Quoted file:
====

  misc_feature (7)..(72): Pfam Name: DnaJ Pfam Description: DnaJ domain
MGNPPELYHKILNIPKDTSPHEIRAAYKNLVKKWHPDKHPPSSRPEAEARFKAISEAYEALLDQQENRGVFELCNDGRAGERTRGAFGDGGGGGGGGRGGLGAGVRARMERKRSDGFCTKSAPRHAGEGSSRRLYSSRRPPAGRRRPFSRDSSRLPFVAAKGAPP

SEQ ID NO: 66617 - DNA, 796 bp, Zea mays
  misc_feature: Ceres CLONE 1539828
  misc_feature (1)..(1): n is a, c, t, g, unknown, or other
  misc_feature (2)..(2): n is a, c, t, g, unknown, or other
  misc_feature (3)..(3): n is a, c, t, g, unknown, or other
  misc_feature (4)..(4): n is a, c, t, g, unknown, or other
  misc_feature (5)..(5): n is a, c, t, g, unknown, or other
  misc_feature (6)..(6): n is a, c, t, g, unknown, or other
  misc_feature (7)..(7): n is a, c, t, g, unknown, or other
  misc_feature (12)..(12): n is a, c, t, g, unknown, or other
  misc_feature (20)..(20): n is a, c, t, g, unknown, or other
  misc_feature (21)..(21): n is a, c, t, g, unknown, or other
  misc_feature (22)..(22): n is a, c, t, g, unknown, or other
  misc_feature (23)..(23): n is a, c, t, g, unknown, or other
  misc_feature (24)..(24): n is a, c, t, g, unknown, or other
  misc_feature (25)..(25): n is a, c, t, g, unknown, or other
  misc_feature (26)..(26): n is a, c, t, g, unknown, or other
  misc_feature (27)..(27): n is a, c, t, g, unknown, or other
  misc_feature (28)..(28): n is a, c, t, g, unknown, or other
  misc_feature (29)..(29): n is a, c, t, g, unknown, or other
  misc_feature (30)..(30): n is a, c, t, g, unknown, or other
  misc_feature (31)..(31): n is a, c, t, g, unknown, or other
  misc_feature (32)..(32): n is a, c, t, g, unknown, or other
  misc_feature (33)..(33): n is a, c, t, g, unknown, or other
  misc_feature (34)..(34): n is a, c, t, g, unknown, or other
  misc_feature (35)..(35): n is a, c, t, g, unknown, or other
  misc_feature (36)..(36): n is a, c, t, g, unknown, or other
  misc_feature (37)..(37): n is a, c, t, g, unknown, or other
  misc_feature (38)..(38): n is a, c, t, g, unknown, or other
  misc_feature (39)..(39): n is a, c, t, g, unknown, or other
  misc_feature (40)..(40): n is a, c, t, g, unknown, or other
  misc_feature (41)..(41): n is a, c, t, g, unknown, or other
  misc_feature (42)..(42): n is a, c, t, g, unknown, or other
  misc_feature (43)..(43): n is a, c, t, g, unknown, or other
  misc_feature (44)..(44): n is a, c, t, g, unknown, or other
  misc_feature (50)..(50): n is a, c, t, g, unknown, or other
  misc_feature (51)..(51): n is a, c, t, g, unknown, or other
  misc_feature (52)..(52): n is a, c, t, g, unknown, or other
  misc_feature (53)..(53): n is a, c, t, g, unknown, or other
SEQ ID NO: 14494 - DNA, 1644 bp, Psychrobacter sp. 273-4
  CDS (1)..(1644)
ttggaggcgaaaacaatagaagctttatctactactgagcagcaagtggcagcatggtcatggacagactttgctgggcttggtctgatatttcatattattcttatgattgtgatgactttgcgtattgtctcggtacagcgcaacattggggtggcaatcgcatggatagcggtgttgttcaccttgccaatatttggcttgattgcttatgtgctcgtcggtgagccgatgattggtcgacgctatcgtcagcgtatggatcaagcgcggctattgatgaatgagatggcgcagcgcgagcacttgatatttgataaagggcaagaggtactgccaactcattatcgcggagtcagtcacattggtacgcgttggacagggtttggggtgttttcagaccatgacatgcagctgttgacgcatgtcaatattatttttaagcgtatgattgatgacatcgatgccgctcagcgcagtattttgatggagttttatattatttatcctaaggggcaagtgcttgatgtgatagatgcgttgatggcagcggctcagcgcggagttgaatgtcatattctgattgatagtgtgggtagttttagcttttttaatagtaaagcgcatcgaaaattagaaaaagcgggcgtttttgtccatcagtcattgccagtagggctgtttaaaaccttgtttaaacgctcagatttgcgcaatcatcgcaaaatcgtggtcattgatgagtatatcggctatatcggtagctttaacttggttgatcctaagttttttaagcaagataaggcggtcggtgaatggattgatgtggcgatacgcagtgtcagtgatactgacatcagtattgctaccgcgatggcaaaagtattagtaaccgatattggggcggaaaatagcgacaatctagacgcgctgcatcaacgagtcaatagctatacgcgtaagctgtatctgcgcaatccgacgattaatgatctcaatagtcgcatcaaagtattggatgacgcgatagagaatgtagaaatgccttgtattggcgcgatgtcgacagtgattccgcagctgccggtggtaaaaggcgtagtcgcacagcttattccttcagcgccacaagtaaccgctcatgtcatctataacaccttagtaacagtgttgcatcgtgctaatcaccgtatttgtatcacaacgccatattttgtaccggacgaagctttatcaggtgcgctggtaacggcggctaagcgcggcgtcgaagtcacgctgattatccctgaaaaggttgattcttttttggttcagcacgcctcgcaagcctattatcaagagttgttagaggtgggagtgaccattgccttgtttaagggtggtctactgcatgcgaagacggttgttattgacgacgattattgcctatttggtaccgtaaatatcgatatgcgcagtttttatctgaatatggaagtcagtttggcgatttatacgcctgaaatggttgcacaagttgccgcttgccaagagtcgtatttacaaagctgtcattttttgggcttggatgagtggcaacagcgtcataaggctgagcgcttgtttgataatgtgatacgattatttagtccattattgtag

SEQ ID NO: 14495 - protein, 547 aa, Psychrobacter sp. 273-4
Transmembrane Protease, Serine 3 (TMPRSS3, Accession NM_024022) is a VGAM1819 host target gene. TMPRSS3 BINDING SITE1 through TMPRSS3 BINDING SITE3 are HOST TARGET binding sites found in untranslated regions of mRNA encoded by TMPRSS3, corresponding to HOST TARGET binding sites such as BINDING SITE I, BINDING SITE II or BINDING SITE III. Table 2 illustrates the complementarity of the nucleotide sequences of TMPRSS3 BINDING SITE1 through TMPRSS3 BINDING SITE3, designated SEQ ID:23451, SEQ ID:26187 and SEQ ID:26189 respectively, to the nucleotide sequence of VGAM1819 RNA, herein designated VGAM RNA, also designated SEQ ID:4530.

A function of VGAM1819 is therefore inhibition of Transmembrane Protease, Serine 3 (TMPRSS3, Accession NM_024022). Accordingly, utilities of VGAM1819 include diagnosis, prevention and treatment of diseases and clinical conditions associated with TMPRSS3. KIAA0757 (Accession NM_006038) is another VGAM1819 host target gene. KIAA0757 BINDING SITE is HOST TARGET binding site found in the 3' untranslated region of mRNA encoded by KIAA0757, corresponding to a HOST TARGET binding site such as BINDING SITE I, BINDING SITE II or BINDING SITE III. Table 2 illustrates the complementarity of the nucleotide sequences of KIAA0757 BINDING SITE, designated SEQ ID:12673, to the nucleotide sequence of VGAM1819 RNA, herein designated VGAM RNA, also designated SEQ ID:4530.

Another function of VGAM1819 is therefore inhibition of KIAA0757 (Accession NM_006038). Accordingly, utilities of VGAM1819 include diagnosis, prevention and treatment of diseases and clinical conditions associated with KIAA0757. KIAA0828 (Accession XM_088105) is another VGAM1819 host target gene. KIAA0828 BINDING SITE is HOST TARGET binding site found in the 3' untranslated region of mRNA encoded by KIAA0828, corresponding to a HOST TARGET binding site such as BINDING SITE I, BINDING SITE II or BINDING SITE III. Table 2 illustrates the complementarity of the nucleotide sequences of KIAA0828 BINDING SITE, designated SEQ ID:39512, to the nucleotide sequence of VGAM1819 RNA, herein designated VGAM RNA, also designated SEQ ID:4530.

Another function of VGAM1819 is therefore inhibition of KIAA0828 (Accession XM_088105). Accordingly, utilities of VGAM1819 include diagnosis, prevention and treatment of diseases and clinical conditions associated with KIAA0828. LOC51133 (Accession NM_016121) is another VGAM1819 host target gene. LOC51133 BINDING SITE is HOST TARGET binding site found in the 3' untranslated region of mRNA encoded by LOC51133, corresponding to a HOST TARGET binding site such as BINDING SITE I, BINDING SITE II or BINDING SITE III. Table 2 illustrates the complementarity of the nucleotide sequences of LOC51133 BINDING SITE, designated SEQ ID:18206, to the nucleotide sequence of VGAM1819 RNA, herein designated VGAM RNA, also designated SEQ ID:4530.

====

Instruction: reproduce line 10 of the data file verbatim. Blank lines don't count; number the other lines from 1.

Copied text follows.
  misc_feature (6)..(6): n is a, c, t, g, unknown, or other